High-flux water desalination with interfacial salt sieving effect in nanoporous carbon composite membranes
KAUST DepartmentAdvanced Membranes and Porous Materials Research Center
Chemical Engineering Program
Chemical Science Program
Computer, Electrical and Mathematical Sciences and Engineering (CEMSE) Division
Extreme Computing Research Center
Homogeneous Catalysis Laboratory (HCL)
KAUST Catalysis Center (KCC)
Material Science and Engineering Program
Physical Science and Engineering (PSE) Division
Online Publication Date2018-03-05
Print Publication Date2018-04
Permanent link to this recordhttp://hdl.handle.net/10754/627420
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AbstractFreshwater flux and energy consumption are two important benchmarks for the membrane desalination process. Here, we show that nanoporous carbon composite membranes, which comprise a layer of porous carbon fibre structures grown on a porous ceramic substrate, can exhibit 100% desalination and a freshwater flux that is 3-20 times higher than existing polymeric membranes. Thermal accounting experiments demonstrated that the carbon composite membrane saved over 80% of the latent heat consumption. Theoretical calculations combined with molecular dynamics simulations revealed the unique microscopic process occurring in the membrane. When the salt solution is stopped at the openings to the nanoscale porous channels and forms a meniscus, the vapour can rapidly transport across the nanoscale gap to condense on the permeate side. This process is driven by the chemical potential gradient and aided by the unique smoothness of the carbon surface. The high thermal conductivity of the carbon composite membrane ensures that most of the latent heat is recovered.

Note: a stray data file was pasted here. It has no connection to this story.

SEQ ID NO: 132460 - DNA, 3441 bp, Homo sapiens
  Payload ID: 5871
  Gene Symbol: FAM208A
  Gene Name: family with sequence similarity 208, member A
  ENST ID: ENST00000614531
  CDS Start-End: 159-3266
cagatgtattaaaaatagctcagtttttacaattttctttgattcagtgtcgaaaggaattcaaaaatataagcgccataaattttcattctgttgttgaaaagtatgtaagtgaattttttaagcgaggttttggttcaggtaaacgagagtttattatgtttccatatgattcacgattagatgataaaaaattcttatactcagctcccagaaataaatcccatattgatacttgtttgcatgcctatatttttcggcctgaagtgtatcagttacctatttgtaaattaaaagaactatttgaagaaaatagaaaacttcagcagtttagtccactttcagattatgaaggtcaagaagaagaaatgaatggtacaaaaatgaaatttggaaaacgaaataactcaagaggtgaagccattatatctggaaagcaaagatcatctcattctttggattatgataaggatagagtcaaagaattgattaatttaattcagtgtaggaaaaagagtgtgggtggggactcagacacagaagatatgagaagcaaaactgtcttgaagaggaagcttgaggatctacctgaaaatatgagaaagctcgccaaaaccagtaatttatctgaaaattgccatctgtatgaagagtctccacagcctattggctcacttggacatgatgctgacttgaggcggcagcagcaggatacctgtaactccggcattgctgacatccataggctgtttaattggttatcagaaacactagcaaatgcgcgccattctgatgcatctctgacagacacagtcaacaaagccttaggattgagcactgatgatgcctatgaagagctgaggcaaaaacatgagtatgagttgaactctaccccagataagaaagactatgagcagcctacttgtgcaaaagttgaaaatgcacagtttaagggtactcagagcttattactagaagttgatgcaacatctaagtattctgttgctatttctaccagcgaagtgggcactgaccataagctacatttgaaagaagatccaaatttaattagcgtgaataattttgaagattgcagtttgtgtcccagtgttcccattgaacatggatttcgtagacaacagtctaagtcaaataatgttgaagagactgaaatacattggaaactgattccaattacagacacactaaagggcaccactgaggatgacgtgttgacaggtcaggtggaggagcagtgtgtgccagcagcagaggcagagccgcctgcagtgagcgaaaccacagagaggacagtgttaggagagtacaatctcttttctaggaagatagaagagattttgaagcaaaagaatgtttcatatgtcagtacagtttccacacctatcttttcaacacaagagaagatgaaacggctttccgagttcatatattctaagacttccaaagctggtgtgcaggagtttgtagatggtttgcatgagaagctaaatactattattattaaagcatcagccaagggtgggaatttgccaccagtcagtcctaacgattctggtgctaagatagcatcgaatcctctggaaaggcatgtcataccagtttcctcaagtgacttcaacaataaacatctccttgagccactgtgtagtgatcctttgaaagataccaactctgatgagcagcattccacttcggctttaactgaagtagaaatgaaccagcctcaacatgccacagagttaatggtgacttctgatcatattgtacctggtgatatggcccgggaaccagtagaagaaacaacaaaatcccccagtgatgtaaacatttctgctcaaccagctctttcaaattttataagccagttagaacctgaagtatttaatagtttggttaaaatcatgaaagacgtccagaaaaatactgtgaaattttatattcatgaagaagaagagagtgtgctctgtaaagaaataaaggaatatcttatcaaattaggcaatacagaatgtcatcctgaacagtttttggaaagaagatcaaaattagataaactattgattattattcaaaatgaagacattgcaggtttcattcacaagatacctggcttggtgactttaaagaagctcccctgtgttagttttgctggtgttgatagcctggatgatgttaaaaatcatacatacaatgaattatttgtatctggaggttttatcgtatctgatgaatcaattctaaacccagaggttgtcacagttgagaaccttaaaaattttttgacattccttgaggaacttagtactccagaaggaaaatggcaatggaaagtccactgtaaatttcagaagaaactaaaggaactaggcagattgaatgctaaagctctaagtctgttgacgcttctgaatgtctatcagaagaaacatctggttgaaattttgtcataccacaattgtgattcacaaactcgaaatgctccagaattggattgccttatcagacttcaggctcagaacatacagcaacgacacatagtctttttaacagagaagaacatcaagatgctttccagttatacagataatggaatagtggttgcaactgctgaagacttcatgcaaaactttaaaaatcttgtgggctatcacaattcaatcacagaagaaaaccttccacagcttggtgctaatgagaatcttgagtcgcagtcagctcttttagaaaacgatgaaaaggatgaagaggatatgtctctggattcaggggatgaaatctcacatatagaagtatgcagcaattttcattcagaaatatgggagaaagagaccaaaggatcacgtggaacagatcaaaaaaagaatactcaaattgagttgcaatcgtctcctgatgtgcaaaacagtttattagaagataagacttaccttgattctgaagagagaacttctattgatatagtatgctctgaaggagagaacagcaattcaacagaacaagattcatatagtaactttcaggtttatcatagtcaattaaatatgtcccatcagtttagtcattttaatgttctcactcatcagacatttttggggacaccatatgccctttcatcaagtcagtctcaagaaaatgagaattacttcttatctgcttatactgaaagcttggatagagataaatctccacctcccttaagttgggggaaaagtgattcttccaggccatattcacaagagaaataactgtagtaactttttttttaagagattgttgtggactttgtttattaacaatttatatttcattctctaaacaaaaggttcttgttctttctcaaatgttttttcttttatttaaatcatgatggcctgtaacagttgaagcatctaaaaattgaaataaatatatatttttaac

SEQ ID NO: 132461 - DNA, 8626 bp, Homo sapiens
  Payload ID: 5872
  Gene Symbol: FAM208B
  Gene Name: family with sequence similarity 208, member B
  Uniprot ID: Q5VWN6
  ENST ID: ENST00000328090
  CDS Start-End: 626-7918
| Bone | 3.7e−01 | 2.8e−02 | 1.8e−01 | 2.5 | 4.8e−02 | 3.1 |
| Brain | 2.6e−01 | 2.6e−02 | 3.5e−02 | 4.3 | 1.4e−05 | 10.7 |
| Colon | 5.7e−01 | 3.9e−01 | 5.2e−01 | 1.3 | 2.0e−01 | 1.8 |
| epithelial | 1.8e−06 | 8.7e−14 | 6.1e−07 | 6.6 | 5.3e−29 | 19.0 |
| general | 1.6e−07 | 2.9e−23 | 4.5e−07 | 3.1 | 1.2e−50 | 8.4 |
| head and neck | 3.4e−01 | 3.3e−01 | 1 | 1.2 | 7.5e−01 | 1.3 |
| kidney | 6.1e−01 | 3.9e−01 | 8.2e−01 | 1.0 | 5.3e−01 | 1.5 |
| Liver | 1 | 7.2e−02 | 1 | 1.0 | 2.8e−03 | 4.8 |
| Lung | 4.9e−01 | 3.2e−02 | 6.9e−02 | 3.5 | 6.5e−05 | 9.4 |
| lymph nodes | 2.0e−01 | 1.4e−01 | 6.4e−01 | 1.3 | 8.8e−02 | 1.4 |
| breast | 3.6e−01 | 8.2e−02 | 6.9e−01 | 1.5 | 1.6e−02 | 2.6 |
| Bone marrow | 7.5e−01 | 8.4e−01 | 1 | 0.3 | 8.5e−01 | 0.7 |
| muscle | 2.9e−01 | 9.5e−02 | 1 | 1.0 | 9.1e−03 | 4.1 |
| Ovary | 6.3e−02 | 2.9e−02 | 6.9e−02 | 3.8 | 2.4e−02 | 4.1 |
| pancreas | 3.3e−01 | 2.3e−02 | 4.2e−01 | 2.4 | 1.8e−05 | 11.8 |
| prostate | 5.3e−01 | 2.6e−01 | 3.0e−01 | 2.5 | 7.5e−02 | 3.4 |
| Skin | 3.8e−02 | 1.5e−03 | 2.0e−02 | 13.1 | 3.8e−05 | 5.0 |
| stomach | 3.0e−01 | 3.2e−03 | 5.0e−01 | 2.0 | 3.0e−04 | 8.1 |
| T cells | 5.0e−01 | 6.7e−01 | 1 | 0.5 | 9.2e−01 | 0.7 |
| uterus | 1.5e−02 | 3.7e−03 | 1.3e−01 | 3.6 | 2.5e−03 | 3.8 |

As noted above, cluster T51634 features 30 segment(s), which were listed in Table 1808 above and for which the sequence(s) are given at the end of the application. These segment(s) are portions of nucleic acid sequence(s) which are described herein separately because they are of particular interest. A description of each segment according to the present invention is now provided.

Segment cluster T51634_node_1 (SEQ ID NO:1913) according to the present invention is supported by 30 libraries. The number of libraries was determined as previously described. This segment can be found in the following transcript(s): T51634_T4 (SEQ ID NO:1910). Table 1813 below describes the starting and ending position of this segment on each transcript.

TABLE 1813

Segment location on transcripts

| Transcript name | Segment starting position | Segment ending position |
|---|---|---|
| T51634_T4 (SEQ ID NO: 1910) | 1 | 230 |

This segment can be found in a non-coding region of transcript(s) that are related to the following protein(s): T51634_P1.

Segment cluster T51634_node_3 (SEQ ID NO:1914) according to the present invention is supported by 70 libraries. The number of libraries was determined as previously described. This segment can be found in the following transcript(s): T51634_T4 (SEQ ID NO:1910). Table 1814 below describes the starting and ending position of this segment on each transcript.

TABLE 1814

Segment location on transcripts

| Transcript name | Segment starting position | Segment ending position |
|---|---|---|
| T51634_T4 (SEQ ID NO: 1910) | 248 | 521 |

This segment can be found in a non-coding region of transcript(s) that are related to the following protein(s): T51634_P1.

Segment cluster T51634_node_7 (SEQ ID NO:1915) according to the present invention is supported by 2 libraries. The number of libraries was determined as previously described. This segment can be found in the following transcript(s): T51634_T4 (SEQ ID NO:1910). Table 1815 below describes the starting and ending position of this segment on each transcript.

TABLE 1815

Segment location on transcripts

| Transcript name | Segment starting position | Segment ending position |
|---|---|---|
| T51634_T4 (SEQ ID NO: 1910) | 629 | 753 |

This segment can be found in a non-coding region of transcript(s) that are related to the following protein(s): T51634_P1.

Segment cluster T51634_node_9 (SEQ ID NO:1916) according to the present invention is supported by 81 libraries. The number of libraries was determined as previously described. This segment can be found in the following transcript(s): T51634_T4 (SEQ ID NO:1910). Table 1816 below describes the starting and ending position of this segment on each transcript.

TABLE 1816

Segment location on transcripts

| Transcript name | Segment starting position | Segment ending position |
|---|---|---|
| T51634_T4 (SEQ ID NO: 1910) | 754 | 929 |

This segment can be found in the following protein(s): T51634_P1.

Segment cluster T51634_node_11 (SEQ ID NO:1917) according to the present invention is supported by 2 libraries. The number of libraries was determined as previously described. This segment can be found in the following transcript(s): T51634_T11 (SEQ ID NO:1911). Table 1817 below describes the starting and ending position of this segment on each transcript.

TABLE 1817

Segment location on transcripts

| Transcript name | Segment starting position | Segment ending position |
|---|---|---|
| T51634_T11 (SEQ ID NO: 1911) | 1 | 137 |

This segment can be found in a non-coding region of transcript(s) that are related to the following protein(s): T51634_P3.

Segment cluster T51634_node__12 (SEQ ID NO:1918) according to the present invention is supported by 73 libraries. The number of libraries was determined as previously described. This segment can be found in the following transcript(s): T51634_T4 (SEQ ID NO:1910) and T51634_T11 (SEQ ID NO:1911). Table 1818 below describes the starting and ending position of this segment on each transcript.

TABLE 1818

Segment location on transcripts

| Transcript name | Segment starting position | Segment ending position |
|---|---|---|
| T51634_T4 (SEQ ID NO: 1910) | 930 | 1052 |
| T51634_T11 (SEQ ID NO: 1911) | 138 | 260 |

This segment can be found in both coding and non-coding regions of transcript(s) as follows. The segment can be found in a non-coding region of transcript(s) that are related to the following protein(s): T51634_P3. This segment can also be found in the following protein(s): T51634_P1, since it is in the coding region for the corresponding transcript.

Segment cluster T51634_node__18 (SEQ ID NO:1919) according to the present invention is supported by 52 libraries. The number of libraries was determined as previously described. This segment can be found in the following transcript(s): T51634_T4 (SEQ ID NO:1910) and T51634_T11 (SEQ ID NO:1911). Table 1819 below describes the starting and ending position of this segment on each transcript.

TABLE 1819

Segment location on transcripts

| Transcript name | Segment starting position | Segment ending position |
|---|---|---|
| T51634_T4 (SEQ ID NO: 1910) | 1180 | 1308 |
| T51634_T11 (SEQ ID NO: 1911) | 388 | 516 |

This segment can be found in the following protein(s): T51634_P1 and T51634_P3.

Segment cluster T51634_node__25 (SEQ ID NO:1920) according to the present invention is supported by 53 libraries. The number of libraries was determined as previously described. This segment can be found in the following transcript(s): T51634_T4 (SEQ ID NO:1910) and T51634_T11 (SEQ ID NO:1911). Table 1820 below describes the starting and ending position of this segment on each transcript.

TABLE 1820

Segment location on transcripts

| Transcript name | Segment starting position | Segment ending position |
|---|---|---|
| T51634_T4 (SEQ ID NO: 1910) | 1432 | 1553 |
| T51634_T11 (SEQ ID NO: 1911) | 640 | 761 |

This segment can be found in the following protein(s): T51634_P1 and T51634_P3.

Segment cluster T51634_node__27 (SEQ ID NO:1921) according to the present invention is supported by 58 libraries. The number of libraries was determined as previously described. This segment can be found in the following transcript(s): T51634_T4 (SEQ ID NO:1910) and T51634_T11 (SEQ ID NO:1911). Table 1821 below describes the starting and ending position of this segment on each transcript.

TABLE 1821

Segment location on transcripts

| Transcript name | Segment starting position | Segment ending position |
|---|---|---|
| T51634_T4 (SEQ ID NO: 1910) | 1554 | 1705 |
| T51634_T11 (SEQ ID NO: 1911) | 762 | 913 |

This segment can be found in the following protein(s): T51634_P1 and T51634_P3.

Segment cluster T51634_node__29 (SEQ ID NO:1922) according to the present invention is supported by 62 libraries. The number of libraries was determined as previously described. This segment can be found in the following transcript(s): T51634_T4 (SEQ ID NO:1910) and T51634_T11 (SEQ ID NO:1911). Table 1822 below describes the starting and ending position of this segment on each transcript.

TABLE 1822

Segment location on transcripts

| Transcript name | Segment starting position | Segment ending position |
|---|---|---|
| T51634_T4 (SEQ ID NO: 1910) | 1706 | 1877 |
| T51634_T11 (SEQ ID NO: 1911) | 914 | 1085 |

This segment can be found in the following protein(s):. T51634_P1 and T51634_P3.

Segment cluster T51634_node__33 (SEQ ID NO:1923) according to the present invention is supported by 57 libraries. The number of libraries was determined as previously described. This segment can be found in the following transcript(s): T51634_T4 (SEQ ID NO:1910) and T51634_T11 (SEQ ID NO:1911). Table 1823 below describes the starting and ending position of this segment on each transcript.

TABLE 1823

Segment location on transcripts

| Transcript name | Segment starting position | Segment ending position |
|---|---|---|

CitationChen W, Chen S, Liang T, Zhang Q, Fan Z, et al. (2018) High-flux water desalination with interfacial salt sieving effect in nanoporous carbon composite membranes. Nature Nanotechnology. Available: http://dx.doi.org/10.1038/s41565-018-0067-5.
SponsorsCommercial PTFE membranes and FO membranes were provided by N. Ghaffour and T. Zhang from the KAUST Water Desalination and Reuse Center. Z.L. acknowledges support from KAUST (grant URF/1/1723) and KACST (grant RGC/3/1614). P.S. acknowledges support from KAUST (Special Partnerships Award number UK-C0016 and grant SA-C0040), HKUST (grant SRFI 11/SC02) and the William Mong Institute of Nanoscience and Technology (grant G5537-E).
CollectionsArticles; Advanced Membranes and Porous Materials Research Center; Physical Science and Engineering (PSE) Division; Extreme Computing Research Center; Chemical Science Program; Chemical Engineering Program; Material Science and Engineering Program; KAUST Catalysis Center (KCC); Computer, Electrical and Mathematical Science and Engineering (CEMSE) Division
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